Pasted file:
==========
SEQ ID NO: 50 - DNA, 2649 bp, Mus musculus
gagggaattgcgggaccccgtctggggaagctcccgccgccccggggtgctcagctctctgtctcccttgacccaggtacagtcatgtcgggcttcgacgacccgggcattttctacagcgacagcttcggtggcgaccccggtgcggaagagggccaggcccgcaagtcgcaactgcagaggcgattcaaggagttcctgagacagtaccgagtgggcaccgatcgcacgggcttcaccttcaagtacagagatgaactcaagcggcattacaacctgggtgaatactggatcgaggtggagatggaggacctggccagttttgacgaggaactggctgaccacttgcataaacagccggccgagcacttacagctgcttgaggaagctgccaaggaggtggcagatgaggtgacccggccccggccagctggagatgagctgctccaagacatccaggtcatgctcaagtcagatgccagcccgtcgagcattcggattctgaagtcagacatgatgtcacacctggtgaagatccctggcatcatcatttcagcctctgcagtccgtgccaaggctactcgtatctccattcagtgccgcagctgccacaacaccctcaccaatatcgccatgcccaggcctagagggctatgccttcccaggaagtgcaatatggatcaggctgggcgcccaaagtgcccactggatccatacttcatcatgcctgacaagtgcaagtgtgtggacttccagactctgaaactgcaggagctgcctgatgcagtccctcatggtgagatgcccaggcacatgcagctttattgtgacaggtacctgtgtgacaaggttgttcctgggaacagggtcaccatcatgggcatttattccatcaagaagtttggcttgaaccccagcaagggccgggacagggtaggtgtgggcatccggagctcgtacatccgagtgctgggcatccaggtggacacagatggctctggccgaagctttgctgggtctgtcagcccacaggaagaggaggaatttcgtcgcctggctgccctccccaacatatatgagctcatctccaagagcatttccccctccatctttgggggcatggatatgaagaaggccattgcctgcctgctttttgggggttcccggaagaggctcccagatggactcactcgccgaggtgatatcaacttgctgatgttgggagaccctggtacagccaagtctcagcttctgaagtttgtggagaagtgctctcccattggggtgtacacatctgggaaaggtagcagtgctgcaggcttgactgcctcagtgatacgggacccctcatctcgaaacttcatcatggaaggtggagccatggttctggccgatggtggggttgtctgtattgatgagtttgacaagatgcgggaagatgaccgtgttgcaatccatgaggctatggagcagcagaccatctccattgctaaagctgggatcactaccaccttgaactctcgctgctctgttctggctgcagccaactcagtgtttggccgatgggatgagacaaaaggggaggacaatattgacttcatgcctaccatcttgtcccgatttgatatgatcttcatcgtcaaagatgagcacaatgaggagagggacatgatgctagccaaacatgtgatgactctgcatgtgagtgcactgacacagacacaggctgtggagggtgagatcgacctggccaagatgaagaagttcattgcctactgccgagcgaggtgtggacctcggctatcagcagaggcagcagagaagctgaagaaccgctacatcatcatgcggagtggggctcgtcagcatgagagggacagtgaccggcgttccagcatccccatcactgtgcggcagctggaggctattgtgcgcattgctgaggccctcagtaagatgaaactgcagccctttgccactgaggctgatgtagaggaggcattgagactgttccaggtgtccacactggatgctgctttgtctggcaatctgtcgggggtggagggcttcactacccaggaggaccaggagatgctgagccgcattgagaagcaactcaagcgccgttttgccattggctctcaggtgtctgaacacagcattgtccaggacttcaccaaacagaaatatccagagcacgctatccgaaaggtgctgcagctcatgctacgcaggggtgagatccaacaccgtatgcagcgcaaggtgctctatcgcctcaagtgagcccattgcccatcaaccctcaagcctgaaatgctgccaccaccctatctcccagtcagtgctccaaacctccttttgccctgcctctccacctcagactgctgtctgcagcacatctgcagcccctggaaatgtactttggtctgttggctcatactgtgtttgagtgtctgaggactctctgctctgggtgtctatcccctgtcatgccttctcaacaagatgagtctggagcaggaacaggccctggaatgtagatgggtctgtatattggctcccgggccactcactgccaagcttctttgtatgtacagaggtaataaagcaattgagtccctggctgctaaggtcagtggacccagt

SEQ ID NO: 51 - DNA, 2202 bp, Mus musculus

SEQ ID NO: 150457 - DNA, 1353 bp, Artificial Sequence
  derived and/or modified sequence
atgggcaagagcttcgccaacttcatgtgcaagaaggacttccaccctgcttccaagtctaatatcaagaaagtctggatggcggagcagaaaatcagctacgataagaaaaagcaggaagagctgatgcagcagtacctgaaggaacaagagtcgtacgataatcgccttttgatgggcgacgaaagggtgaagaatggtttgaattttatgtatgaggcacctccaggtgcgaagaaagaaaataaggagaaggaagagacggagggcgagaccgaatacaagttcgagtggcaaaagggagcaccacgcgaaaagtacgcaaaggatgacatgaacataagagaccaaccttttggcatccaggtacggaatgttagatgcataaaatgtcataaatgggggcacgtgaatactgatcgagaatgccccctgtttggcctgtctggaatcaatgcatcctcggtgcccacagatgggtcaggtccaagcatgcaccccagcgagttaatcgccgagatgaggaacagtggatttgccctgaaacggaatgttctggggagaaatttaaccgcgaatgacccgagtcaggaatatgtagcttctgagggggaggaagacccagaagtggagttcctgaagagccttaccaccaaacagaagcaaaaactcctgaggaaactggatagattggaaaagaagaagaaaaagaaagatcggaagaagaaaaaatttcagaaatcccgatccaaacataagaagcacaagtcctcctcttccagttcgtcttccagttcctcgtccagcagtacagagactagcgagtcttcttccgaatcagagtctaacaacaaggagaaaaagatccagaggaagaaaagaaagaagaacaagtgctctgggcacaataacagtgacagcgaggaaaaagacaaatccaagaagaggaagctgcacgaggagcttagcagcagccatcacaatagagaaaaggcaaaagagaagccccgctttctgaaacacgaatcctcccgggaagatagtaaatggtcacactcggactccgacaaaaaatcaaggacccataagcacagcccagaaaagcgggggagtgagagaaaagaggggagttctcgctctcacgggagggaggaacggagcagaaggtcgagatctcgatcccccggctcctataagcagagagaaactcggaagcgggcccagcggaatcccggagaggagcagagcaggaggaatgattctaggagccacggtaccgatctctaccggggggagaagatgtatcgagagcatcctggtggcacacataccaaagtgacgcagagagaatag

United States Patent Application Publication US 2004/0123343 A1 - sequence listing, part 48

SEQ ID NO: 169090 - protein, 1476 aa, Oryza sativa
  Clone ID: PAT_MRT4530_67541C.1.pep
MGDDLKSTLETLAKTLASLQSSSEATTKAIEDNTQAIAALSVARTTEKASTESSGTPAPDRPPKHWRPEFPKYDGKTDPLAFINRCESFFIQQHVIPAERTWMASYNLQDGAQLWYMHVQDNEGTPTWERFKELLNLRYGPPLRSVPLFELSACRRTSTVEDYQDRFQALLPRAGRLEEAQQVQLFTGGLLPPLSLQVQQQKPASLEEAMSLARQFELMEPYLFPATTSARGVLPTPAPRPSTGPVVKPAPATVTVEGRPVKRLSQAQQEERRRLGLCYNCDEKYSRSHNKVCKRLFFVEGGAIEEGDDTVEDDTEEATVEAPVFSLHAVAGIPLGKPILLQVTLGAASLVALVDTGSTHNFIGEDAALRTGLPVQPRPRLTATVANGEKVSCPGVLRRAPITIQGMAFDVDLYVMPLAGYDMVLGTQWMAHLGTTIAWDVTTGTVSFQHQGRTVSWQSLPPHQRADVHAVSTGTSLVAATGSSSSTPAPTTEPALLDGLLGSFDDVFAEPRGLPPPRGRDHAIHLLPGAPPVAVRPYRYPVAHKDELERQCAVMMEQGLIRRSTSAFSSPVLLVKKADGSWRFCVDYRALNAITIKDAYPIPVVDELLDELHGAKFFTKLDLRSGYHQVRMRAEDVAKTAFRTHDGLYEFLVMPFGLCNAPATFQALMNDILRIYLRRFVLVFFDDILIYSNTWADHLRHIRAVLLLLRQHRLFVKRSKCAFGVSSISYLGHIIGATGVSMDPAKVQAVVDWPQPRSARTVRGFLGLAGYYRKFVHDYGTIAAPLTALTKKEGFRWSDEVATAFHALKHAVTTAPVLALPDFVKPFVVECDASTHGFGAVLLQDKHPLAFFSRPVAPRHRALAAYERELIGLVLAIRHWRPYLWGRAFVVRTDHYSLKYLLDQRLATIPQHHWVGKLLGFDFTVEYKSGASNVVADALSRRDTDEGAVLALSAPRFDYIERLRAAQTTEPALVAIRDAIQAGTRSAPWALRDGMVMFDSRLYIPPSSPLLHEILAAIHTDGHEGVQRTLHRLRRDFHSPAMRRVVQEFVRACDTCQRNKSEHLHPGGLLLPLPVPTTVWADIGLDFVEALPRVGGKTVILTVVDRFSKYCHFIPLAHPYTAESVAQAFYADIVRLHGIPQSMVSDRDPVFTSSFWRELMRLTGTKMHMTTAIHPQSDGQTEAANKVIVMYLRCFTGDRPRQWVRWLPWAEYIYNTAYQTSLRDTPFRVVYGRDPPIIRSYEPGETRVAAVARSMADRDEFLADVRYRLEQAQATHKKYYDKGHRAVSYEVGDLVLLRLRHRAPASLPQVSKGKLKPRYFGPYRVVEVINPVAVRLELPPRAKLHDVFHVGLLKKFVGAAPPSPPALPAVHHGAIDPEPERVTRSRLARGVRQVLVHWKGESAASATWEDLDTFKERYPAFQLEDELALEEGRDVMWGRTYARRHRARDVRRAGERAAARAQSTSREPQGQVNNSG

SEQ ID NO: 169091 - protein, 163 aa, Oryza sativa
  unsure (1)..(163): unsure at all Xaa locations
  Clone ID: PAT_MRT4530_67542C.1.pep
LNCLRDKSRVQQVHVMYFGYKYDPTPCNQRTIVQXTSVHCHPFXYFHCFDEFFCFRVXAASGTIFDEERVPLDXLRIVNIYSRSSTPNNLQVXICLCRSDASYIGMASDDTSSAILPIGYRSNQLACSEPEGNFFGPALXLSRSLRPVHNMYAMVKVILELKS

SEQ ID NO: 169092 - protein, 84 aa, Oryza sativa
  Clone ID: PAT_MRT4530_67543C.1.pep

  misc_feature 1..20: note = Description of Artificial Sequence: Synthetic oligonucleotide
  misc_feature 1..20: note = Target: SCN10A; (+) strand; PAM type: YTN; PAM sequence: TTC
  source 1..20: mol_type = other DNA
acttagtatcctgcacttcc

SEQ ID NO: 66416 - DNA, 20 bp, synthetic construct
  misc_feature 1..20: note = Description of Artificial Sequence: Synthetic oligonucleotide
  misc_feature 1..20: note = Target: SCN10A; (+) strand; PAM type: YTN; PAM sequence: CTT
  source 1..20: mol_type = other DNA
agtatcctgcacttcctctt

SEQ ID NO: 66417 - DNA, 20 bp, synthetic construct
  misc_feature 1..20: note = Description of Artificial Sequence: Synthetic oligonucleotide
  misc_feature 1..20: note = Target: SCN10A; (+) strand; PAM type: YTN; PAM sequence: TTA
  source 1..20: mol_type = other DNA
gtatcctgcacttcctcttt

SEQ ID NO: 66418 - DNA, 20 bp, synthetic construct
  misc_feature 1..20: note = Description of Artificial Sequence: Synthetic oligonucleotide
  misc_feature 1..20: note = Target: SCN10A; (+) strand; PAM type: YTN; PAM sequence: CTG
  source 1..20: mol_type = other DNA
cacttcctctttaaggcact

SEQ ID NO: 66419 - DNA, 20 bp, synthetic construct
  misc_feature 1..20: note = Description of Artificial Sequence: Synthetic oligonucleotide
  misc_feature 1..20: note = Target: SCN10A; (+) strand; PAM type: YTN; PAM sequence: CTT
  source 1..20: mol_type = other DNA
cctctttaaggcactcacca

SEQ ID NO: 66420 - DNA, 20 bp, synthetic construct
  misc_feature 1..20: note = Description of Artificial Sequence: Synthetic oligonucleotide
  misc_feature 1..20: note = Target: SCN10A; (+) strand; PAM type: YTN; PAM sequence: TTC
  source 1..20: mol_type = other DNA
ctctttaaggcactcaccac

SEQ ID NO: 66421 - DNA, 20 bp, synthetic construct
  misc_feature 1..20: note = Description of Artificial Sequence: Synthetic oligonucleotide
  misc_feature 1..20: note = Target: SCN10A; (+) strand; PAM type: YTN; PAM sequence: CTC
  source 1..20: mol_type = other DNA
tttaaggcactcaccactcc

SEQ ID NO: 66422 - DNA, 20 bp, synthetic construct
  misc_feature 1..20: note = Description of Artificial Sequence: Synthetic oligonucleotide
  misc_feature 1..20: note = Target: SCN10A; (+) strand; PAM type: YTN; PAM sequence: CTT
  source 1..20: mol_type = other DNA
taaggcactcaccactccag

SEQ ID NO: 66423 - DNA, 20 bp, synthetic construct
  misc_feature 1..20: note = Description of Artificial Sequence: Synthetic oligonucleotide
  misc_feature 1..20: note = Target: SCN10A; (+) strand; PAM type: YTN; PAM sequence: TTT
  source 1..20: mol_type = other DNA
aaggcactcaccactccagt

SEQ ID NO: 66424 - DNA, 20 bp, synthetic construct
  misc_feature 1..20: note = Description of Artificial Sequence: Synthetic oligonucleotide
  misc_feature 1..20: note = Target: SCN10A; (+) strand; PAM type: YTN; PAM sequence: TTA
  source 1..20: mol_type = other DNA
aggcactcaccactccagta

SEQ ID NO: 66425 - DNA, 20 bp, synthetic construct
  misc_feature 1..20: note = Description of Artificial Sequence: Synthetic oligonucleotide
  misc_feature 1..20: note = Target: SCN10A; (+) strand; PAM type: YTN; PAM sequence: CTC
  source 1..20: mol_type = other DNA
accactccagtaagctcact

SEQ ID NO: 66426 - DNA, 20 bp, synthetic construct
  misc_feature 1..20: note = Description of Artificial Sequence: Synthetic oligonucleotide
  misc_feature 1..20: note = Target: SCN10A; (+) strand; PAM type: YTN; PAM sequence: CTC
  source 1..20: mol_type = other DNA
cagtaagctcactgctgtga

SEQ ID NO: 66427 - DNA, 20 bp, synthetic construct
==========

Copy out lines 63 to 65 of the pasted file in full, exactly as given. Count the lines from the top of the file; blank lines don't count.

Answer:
  misc_feature 1..20: note = Target: SCN10A; (+) strand; PAM type: YTN; PAM sequence: TTA
  source 1..20: mol_type = other DNA
aggcactcaccactccagta